Nearly all of the research in this search says there is either no statistical difference in effectiveness or “The diminished force output suggests that the overload stresses required for strength training necessitate the inclusion of resistance training on stable surfaces.”
Very nice thread Chris.
I don’t know of any research that substantiates that peripheral strength gains can be improved by training on an unstable surface.
It would seem that force production would be compromised on an unstable surface. One of the first things that we do if we are carrying something and feel as if we are going to fall is to drop the object (unless it is a baby).
Thanks for the research.
Strength stabilization can be better achieved with unstable surfaces.
However, as Natalie mentioned, pure strength should be done on stable surfaces to provide more safety.
As an example, people bench pressing should ALWAYS keep their feet on the ground. Last thing you want is to drop too much weight on your chest.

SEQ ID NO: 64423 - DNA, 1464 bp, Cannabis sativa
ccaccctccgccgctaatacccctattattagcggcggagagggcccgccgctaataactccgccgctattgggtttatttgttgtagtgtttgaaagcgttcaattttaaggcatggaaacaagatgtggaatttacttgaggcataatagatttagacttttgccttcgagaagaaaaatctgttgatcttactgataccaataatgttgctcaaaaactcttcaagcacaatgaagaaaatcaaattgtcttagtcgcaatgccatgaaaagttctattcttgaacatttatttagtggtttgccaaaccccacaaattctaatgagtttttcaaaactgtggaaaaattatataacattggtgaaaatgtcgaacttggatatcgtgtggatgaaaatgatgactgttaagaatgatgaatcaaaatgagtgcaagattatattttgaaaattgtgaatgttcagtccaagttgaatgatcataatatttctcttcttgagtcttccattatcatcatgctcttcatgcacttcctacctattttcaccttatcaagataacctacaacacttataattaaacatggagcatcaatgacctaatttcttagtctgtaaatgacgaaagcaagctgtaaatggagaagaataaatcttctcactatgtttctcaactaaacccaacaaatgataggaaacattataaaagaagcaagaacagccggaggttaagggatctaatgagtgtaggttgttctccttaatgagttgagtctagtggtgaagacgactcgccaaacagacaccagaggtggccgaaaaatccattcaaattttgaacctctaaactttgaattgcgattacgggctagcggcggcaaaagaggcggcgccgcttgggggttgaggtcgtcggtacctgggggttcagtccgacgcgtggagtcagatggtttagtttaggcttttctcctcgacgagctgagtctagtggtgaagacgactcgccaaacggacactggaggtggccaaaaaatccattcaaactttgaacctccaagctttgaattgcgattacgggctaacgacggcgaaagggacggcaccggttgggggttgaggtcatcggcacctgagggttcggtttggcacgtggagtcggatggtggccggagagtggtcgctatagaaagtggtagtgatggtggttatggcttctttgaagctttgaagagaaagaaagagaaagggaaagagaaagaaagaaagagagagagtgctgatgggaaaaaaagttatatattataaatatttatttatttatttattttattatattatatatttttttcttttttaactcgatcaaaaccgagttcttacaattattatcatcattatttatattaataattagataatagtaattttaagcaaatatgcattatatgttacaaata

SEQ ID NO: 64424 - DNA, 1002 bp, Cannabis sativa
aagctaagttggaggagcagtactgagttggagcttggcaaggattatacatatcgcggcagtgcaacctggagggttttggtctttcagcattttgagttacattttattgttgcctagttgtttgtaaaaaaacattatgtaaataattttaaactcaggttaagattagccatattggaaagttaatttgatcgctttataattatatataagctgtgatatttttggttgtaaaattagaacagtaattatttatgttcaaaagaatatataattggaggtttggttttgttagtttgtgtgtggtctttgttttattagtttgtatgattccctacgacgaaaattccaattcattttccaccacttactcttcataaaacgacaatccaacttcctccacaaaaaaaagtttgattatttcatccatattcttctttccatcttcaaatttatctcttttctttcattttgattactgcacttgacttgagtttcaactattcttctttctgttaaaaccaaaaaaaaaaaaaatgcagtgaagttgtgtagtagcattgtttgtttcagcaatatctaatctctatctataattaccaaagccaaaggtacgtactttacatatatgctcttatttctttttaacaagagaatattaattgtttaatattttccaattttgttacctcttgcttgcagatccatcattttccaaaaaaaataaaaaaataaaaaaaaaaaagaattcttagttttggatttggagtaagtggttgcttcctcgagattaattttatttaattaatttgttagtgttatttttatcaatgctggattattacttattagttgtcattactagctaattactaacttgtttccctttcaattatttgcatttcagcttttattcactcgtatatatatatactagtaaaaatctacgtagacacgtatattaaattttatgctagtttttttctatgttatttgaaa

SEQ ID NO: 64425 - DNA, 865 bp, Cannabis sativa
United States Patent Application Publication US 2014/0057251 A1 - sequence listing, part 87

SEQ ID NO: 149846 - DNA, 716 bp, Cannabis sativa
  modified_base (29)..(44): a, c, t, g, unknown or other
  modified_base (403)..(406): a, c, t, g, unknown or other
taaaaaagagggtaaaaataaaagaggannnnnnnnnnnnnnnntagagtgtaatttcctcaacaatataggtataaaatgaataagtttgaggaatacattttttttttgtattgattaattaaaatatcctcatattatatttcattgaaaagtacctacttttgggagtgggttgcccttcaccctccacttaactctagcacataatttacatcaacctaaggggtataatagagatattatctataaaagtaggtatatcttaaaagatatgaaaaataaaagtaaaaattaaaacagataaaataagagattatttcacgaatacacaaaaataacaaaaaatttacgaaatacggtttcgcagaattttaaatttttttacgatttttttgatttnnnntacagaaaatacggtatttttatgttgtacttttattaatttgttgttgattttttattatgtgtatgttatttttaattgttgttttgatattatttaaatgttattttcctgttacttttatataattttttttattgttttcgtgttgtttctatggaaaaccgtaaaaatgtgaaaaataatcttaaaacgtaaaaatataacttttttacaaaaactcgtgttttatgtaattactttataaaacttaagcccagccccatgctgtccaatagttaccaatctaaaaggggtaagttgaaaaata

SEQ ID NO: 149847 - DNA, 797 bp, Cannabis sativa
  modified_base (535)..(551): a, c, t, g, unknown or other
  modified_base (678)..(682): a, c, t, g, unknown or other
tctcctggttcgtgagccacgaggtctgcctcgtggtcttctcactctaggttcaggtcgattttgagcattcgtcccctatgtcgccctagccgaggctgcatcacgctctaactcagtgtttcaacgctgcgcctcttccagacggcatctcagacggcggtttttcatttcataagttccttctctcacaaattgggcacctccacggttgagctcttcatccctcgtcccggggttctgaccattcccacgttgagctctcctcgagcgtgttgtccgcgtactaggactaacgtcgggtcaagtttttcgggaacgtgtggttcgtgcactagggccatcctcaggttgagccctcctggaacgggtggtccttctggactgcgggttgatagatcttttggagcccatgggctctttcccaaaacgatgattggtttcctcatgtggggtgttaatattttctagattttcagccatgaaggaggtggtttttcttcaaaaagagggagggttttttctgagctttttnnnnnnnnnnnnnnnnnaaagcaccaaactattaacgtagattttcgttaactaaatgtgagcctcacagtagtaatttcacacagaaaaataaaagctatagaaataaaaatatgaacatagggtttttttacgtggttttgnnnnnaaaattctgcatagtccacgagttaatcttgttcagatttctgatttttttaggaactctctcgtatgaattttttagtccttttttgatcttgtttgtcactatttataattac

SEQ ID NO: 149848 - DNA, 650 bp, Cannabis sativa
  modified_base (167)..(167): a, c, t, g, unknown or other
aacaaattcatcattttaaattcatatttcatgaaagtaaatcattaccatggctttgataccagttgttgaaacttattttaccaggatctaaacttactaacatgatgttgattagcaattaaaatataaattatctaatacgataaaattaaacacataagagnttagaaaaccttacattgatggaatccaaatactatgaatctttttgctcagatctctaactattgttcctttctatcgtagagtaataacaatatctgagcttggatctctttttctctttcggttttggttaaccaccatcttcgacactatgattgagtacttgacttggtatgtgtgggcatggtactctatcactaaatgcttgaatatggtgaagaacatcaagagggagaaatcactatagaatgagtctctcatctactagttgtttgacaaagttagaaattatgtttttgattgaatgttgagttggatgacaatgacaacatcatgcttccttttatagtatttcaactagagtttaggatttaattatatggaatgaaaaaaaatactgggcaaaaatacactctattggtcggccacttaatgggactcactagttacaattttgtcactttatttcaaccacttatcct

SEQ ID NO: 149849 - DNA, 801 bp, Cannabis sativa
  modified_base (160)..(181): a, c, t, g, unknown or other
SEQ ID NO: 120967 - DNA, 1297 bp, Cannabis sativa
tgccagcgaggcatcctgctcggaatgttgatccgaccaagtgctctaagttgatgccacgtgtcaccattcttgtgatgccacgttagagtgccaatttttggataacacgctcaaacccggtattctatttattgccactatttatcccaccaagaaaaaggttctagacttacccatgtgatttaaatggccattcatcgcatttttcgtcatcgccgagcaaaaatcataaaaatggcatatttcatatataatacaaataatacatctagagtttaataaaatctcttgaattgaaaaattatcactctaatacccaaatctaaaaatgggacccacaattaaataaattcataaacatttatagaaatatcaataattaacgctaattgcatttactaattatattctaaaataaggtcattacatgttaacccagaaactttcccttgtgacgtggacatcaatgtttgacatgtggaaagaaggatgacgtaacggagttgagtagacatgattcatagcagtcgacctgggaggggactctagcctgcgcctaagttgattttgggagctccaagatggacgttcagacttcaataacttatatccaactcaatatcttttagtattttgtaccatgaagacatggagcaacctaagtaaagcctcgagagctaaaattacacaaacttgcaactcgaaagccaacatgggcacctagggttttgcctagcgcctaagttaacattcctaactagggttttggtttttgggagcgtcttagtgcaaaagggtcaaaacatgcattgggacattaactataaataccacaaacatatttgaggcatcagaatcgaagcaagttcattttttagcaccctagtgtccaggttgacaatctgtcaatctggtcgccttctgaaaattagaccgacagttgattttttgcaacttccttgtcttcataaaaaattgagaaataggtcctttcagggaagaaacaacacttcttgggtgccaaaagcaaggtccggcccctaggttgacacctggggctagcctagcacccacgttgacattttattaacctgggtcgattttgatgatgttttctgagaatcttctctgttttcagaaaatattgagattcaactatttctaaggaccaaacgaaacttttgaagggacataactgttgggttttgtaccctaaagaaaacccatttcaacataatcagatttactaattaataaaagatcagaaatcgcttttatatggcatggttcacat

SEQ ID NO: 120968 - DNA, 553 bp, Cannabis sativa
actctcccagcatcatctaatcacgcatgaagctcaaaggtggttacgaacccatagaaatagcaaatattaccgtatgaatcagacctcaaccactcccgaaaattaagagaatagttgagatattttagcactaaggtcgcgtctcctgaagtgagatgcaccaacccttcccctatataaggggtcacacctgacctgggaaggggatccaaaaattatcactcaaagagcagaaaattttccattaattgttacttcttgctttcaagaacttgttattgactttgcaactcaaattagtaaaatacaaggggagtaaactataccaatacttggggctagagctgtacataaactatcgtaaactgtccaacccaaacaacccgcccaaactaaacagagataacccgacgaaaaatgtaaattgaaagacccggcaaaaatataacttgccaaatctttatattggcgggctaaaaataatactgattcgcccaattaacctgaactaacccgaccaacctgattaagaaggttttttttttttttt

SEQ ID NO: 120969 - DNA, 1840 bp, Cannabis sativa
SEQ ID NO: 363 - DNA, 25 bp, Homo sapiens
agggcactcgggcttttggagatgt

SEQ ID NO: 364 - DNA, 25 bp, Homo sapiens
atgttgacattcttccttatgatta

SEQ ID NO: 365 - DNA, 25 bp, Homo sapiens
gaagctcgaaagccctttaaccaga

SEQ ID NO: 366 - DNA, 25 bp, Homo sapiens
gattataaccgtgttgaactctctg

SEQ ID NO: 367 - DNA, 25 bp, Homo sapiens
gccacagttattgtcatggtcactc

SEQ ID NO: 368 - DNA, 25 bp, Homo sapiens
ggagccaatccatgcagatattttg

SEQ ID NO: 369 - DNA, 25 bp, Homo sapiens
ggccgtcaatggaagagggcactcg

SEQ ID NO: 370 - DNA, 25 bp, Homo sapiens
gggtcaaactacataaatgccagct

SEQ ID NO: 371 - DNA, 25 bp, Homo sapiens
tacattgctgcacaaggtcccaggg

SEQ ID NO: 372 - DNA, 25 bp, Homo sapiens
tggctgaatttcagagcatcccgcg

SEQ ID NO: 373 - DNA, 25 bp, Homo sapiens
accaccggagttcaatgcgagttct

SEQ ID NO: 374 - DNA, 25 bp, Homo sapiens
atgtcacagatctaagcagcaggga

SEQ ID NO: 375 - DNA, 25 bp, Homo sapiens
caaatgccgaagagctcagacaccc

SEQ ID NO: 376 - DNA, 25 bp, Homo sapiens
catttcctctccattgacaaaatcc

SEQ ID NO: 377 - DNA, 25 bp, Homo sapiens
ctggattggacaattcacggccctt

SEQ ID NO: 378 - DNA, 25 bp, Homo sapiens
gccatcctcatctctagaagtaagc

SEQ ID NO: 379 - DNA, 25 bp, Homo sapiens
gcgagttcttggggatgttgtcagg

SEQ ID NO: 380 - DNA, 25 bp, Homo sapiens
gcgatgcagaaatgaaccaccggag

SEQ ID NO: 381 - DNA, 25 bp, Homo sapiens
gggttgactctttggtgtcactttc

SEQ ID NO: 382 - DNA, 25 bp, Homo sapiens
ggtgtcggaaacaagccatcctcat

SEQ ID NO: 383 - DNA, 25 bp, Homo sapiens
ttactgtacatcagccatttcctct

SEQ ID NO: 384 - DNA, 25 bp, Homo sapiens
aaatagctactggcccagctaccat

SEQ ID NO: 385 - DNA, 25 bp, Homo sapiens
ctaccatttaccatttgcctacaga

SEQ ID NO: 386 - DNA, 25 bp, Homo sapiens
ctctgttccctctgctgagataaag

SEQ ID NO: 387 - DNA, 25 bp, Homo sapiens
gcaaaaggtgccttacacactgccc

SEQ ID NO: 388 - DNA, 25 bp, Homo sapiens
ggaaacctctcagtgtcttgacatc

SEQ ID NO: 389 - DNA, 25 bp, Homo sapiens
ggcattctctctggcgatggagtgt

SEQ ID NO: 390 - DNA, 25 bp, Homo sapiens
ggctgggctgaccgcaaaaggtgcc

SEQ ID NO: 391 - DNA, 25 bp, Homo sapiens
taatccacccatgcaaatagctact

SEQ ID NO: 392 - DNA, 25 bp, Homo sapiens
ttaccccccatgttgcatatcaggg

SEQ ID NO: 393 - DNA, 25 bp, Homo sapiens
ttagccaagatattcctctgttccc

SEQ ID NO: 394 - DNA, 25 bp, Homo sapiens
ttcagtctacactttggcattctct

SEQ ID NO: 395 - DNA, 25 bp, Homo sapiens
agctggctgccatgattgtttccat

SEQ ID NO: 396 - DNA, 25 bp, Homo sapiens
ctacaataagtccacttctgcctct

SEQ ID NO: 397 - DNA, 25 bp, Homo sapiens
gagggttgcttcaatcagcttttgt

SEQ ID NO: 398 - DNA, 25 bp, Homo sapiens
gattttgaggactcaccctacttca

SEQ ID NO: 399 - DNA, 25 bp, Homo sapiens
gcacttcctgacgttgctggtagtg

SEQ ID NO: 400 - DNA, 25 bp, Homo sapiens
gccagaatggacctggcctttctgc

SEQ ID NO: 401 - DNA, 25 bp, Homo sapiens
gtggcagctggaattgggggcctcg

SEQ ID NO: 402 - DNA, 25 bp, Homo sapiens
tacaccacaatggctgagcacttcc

Are you suggesting that there is a general “balance” skill that is trainable and not specific to the movement and exercise, itself? Or transferable to other activities than the exercise?
The principle of specificity doesn’t seem to support that notion. I don’t mean to repeat my previous post, but this applies exactly to what we were talking about.
“A common misconception is that fundamental abilities can be trained through various drills and other activities…For example, athletes are often given various ‘quickening’ exercises, with the hope that these exercises would train some fundamental ability to be quick, allowing quicker response in their particular sport. There are two correct ways to think of these principles.
First, there is no general ability to be quick, to balance, or to use vision…Second, even if there were such general abilities, they are, by definition, genetic and not subject to modification through practice…A learner may acquire additional skill at a drill…but this learning does not transfer to the main skill of interest” (Schmidt, 1991, p. 222).”
Schmidt, R. A. (1991). Motor learning and performance: From principle to practice. Champaign, IL: Human Kinetics.